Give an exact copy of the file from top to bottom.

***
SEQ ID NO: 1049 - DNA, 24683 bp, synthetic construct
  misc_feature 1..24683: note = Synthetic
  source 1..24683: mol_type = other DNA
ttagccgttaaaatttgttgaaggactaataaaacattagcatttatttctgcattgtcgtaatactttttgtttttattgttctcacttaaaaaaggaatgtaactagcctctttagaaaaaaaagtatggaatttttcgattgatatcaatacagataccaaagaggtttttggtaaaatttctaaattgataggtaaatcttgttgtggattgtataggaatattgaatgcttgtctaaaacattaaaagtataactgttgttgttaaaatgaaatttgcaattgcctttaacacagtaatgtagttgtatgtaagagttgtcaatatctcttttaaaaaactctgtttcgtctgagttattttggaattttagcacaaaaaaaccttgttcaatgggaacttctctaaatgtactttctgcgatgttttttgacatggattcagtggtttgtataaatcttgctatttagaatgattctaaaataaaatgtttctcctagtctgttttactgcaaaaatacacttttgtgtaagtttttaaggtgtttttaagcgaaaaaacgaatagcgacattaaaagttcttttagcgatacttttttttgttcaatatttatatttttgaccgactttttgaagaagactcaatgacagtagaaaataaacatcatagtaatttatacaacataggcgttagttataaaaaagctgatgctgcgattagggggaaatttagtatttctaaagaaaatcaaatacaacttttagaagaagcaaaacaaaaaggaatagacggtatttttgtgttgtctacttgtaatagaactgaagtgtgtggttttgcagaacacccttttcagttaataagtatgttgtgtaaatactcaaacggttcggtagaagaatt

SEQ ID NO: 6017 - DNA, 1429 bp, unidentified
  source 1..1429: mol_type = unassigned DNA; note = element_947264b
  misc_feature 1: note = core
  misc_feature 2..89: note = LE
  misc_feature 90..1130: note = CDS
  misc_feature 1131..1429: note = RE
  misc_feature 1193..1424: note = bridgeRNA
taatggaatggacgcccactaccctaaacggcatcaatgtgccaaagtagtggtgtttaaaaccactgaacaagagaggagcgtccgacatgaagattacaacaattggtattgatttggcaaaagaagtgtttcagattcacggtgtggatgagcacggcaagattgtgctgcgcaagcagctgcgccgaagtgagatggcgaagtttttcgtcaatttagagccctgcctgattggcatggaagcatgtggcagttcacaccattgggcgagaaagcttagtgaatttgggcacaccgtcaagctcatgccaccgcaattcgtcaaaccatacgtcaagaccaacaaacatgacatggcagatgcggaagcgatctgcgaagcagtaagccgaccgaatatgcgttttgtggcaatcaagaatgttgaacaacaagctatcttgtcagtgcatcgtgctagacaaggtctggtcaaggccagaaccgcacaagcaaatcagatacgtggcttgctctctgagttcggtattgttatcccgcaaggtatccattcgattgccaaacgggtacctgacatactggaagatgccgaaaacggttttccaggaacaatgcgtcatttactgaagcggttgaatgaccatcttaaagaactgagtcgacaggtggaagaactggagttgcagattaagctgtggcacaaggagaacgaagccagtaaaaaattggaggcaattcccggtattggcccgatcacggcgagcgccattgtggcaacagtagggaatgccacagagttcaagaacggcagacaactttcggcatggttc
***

SEQ ID NO: 1049 - DNA, 24683 bp, synthetic construct
  misc_feature 1..24683: note = Synthetic
  source 1..24683: mol_type = other DNA
ttagccgttaaaatttgttgaaggactaataaaacattagcatttatttctgcattgtcgtaatactttttgtttttattgttctcacttaaaaaaggaatgtaactagcctctttagaaaaaaaagtatggaatttttcgattgatatcaatacagataccaaagaggtttttggtaaaatttctaaattgataggtaaatcttgttgtggattgtataggaatattgaatgcttgtctaaaacattaaaagtataactgttgttgttaaaatgaaatttgcaattgcctttaacacagtaatgtagttgtatgtaagagttgtcaatatctcttttaaaaaactctgtttcgtctgagttattttggaattttagcacaaaaaaaccttgttcaatgggaacttctctaaatgtactttctgcgatgttttttgacatggattcagtggtttgtataaatcttgctatttagaatgattctaaaataaaatgtttctcctagtctgttttactgcaaaaatacacttttgtgtaagtttttaaggtgtttttaagcgaaaaaacgaatagcgacattaaaagttcttttagcgatacttttttttgttcaatatttatatttttgaccgactttttgaagaagactcaatgacagtagaaaataaacatcatagtaatttatacaacataggcgttagttataaaaaagctgatgctgcgattagggggaaatttagtatttctaaagaaaatcaaatacaacttttagaagaagcaaaacaaaaaggaatagacggtatttttgtgttgtctacttgtaatagaactgaagtgtgtggttttgcagaacacccttttcagttaataagtatgttgtgtaaatactcaaacggttcggtagaagaatt

SEQ ID NO: 6017 - DNA, 1429 bp, unidentified
  source 1..1429: mol_type = unassigned DNA; note = element_947264b
  misc_feature 1: note = core
  misc_feature 2..89: note = LE
  misc_feature 90..1130: note = CDS
  misc_feature 1131..1429: note = RE
  misc_feature 1193..1424: note = bridgeRNA
taatggaatggacgcccactaccctaaacggcatcaatgtgccaaagtagtggtgtttaaaaccactgaacaagagaggagcgtccgacatgaagattacaacaattggtattgatttggcaaaagaagtgtttcagattcacggtgtggatgagcacggcaagattgtgctgcgcaagcagctgcgccgaagtgagatggcgaagtttttcgtcaatttagagccctgcctgattggcatggaagcatgtggcagttcacaccattgggcgagaaagcttagtgaatttgggcacaccgtcaagctcatgccaccgcaattcgtcaaaccatacgtcaagaccaacaaacatgacatggcagatgcggaagcgatctgcgaagcagtaagccgaccgaatatgcgttttgtggcaatcaagaatgttgaacaacaagctatcttgtcagtgcatcgtgctagacaaggtctggtcaaggccagaaccgcacaagcaaatcagatacgtggcttgctctctgagttcggtattgttatcccgcaaggtatccattcgattgccaaacgggtacctgacatactggaagatgccgaaaacggttttccaggaacaatgcgtcatttactgaagcggttgaatgaccatcttaaagaactgagtcgacaggtggaagaactggagttgcagattaagctgtggcacaaggagaacgaagccagtaaaaaattggaggcaattcccggtattggcccgatcacggcgagcgccattgtggcaacagtagggaatgccacagagttcaagaacggcagacaactttcggcatggttc